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Triangular Management – How To Manage Yourself, Your Team And Your Boss

Written by: Dr Lynda Ince-Greenaway, Executive Contributor

Executive Contributors at Brainz Magazine are handpicked and invited to contribute because of their knowledge and valuable insight within their area of expertise.

Executive Contributor Dr Lynda Ince-Greenaway

Managers have the unenviable tasks of managing others. I say this because people are difficult to manage and sometimes it can be in a climate of hostility where there are clashes of personalities and differences of opinion. One of the best ways to become an effective manager is to is to engage in triangular management. First you must learn how to manage yourself before you can manage others. Second you must come to grips with how to manage your team and third you must learn how to manage your boss.

A small group of business professionals sit around a table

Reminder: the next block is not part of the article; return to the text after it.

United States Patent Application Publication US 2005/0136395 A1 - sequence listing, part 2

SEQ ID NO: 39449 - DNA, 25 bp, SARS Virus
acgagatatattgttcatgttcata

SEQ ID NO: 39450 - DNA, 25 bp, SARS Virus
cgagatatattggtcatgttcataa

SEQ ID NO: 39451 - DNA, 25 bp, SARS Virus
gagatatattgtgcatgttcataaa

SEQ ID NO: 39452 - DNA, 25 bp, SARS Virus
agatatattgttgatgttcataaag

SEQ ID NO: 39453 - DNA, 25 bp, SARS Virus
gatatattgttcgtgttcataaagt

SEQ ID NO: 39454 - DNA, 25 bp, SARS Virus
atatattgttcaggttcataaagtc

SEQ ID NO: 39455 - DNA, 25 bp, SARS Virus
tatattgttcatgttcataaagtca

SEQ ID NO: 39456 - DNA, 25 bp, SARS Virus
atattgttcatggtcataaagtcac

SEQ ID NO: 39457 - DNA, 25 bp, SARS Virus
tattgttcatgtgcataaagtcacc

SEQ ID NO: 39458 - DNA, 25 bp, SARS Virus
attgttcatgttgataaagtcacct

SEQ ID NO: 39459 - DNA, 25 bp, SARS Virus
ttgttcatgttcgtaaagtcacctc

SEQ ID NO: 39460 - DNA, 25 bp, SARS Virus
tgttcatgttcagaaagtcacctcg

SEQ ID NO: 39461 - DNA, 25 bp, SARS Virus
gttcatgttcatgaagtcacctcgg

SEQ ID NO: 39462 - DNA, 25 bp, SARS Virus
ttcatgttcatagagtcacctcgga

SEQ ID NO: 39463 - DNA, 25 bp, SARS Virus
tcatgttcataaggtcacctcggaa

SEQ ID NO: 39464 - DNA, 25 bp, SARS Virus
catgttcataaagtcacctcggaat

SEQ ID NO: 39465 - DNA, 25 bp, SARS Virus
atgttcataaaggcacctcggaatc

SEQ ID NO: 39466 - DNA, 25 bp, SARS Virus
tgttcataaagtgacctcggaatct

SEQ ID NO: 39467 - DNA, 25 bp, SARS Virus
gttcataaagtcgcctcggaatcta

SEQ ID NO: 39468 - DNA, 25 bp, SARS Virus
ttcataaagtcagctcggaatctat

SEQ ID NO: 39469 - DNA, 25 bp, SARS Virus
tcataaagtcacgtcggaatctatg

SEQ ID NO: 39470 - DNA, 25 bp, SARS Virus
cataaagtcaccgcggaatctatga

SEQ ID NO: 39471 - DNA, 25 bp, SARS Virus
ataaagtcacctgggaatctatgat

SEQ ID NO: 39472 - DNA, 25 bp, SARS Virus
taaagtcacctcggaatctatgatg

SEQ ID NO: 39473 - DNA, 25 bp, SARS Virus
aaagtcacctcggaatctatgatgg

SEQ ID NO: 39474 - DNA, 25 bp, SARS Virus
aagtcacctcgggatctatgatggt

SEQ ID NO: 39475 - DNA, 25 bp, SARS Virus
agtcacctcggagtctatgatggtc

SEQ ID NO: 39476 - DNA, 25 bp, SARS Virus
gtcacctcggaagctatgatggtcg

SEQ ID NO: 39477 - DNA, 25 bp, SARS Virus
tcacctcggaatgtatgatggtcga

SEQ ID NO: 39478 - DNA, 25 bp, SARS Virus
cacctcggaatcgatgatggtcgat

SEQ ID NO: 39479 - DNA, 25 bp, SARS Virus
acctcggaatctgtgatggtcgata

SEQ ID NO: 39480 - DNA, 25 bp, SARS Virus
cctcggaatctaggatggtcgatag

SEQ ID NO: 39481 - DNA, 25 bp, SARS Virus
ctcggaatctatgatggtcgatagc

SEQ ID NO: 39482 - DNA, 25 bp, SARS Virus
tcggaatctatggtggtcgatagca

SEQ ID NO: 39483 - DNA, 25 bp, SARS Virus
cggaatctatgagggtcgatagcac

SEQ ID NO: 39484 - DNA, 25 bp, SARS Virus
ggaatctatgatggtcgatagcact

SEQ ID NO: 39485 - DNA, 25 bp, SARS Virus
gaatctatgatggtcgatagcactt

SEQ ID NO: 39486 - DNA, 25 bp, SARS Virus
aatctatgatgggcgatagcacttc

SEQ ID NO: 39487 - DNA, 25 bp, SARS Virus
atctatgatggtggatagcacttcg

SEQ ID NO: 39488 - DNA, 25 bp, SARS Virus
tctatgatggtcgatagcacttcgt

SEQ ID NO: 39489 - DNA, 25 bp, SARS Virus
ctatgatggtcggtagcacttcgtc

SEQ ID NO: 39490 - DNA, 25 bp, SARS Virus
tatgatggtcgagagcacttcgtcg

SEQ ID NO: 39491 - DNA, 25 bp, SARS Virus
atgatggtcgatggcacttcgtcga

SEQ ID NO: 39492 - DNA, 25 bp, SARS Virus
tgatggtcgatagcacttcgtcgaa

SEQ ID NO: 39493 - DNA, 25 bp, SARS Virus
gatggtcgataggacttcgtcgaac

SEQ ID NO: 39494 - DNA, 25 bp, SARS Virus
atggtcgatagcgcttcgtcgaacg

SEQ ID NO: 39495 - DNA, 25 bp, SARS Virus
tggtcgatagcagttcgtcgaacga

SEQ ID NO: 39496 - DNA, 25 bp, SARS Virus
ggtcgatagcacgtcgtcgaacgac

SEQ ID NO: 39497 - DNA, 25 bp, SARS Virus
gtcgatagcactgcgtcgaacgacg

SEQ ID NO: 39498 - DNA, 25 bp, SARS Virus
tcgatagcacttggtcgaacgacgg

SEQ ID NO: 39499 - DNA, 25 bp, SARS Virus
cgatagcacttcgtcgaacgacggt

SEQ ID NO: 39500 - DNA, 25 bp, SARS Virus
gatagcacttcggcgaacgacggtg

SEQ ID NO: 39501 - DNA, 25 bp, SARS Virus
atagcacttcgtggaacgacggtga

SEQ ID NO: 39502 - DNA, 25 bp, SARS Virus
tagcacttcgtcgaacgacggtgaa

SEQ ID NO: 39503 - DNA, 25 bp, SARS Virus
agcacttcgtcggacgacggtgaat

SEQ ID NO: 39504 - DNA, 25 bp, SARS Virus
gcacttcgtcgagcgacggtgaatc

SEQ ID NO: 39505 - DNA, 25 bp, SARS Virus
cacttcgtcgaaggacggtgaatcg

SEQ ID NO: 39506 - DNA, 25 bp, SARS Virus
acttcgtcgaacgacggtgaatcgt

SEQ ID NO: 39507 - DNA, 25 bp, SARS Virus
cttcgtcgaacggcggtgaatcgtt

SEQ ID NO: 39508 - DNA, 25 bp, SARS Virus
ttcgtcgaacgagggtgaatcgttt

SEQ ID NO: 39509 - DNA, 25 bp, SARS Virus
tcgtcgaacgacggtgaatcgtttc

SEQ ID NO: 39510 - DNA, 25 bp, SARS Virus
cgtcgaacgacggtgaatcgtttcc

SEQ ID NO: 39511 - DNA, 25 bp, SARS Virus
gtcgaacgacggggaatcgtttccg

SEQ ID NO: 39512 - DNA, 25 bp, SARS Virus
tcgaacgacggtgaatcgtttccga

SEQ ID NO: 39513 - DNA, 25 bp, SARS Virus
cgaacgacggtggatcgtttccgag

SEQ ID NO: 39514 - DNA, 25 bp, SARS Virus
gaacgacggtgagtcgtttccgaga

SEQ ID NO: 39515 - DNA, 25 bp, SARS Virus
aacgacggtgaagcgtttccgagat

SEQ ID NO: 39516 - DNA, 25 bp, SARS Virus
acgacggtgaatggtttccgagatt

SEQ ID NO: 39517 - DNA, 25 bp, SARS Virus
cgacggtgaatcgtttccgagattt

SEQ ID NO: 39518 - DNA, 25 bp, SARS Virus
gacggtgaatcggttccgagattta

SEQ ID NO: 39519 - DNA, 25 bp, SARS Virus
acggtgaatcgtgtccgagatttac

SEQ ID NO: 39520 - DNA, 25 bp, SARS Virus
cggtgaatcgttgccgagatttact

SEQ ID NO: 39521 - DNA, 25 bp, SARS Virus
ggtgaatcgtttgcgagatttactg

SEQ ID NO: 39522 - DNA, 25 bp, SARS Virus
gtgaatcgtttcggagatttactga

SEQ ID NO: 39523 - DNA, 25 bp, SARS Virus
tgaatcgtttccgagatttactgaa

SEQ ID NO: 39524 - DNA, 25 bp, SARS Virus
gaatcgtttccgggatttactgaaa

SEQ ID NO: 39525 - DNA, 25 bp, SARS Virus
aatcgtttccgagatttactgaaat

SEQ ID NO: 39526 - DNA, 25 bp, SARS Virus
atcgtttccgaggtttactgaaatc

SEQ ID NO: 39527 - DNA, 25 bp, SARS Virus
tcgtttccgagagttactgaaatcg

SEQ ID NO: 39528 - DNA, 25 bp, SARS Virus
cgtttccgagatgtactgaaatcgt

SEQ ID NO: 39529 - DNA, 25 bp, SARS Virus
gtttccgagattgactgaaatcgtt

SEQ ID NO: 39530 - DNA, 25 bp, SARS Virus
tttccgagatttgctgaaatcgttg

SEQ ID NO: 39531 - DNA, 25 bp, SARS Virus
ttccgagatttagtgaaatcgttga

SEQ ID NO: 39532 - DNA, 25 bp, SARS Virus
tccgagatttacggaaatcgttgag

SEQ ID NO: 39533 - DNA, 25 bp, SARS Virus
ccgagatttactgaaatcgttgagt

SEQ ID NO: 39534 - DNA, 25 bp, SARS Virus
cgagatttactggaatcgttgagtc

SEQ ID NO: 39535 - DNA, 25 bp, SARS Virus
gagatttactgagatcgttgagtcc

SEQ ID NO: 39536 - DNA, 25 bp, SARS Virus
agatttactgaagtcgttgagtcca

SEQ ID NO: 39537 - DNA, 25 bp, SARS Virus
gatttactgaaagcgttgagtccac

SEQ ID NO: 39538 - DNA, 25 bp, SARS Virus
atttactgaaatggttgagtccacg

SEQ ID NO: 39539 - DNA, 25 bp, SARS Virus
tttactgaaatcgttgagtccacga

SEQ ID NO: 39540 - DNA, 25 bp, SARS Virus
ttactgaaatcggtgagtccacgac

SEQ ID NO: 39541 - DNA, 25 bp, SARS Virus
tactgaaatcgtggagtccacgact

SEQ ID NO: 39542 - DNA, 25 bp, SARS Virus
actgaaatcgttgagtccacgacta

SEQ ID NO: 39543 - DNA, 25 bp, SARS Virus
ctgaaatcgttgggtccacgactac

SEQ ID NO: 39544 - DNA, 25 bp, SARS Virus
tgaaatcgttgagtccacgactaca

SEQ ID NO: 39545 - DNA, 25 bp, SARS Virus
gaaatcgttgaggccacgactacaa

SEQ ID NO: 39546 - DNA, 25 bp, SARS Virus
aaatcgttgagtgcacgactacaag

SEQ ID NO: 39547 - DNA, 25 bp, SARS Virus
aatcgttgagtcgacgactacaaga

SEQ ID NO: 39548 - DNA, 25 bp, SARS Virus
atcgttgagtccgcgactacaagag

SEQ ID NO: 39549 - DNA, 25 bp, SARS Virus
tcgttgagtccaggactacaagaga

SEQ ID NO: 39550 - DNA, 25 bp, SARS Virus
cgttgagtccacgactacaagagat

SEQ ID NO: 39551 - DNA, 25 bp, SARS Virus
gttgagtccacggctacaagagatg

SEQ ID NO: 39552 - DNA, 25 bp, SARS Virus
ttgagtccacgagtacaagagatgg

1. Managing yourself

a) Know what you want

You must have the desire to reach your fullest potential. Becoming a manager is only the first step on the ladder. Gaining a job with responsibility for others, points to the need for self- development and growth within your role and responsibilities. This means knowing what motivates you and gives you the energy and passion for your work. It is natural to bring your emotions into your work environment, but they can sometimes trigger unpleasant memories particularly if you see a reflection of yourself in others. Without knowing it, we internalise negative images about others because they represent a story or a message that is unconsciously engrained in our minds. These are usually messages that were given during childhood by parents, teachers and significant others with the ability to influence to way we think.